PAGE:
Workers grade green-skinned avocados at Brooks Tropicals Inc., Homestead, Fla., in late July. Shippers say retailers should expect larger fruit volume and a bigger peak promotion window which could run through September.
Workers grade green-skinned avocados at Brooks Tropicals Inc., Homestead, Fla., in late July. Shippers say retailers should expect larger fruit volume and a bigger peak promotion window which could run through September.

A larger crop has retailers running longer and bigger promotions of Florida avocados.
Grower-shippers say retailers should expect strong volume through August and into September.
Bill Brindle, vice president of sales management for Brooks Tropicals Inc., Homestead, Fla., estimates late July volume is 30% higher than normal.

“The high prices and shortage of hass avocados have really stimulated our retailers to sell more of the Florida fruit,” he said in late July. “We are having really good retail support this season. The whole season has been going great.”

Brindle said Brooks, which typically packs about half of the south Florida green-skinned avocado deal, plans to ship promotable volume through the end of August. While the season’s peak is expected to hit is normal time, Brindle said volume is stronger this year.

For the week of July 18, Brooks packed 57,000 bushels and expects to pack 60,000 bushels the last week of July. That compares to the last big crop south Florida experienced in 2008 when Brooks’ biggest week had it packing 53,000 bushels, Mary Ostlund, director of marketing, said on July 22.

Princeton, Fla.-based New Limeco LLC plans to ship peak volume through the end of September.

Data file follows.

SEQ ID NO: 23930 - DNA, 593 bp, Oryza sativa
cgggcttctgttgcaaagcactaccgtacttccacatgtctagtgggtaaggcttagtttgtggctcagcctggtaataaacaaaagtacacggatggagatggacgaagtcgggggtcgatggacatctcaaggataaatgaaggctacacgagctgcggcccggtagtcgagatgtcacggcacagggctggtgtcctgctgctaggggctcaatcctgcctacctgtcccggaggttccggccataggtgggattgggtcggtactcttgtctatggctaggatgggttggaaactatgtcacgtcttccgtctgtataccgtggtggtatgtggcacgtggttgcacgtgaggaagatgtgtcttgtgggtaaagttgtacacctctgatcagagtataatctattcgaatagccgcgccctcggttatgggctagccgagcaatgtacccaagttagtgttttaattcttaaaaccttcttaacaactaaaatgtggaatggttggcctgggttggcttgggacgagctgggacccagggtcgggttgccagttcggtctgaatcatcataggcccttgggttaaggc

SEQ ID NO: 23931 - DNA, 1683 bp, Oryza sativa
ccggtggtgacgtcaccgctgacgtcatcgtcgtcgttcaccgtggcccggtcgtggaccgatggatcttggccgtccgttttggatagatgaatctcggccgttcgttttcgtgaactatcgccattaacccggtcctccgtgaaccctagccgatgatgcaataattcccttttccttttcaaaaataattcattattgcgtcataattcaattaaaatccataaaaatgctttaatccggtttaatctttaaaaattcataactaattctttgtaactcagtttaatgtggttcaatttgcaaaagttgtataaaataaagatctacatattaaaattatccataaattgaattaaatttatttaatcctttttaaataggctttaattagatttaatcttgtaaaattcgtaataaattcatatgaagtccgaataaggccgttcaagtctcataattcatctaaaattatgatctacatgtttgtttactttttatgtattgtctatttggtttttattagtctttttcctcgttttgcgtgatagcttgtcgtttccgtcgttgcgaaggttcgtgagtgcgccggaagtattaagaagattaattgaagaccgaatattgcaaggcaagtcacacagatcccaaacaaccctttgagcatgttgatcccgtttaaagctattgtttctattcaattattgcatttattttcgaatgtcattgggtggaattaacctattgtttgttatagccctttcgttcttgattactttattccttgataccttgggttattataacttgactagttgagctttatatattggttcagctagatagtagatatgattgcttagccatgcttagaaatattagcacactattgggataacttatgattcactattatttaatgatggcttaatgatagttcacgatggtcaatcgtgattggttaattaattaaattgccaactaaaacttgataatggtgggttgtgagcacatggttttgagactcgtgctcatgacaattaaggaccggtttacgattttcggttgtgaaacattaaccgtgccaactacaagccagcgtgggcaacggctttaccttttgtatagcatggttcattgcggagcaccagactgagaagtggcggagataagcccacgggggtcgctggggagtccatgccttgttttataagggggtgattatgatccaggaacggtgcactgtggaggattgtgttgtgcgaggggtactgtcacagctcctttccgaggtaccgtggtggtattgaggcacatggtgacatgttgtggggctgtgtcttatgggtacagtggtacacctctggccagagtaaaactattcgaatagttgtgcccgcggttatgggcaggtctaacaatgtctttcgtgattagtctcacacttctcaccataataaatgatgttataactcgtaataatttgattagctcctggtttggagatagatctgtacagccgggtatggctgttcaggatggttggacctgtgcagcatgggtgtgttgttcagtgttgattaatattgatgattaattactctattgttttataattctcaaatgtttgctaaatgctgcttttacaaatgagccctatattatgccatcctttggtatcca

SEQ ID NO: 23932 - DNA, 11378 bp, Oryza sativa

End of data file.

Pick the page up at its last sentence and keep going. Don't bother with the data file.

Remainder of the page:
Eddie Caram, general manager, said the summer varieties and those that hit production in August and September should bring nice peaks as well. He said mid-August should bring the largest shipping peak.

“Buyers should expect longer periods of volume and more promotions,” Caram said in late July. “The fruit is very clean. Because it’s been dry until a couple of weeks ago, the fruit was kind of small but it’s starting to size up nicely. The lower water level has kept the fruit at premium sizes.”

While sizings vary by variety, Caram said fruit is peaking in the 9-12 range, among the more popular sizes at retail.

In late July, the U.S. Department of Agriculture reported these prices for cartons of one-layer flats: $7 for 8-9s and $6.50 for 10-12s.

That compares to last season when 8-9s sold for $6 with 10-12s fetching $6.50-7.
Florida growers expect to pack 1.2 million bushels, 40% larger than last season’s 855,528 bushels, Brindle said. The growing region shipped 914,140 bushels in 2009-2010.

While Florida’s production usually starts in light volume in late May and early June, volume picks up and hits peak in late summer. Shipments usually run through January.

New Limeco expects to ship up to 275,000 bushels this season.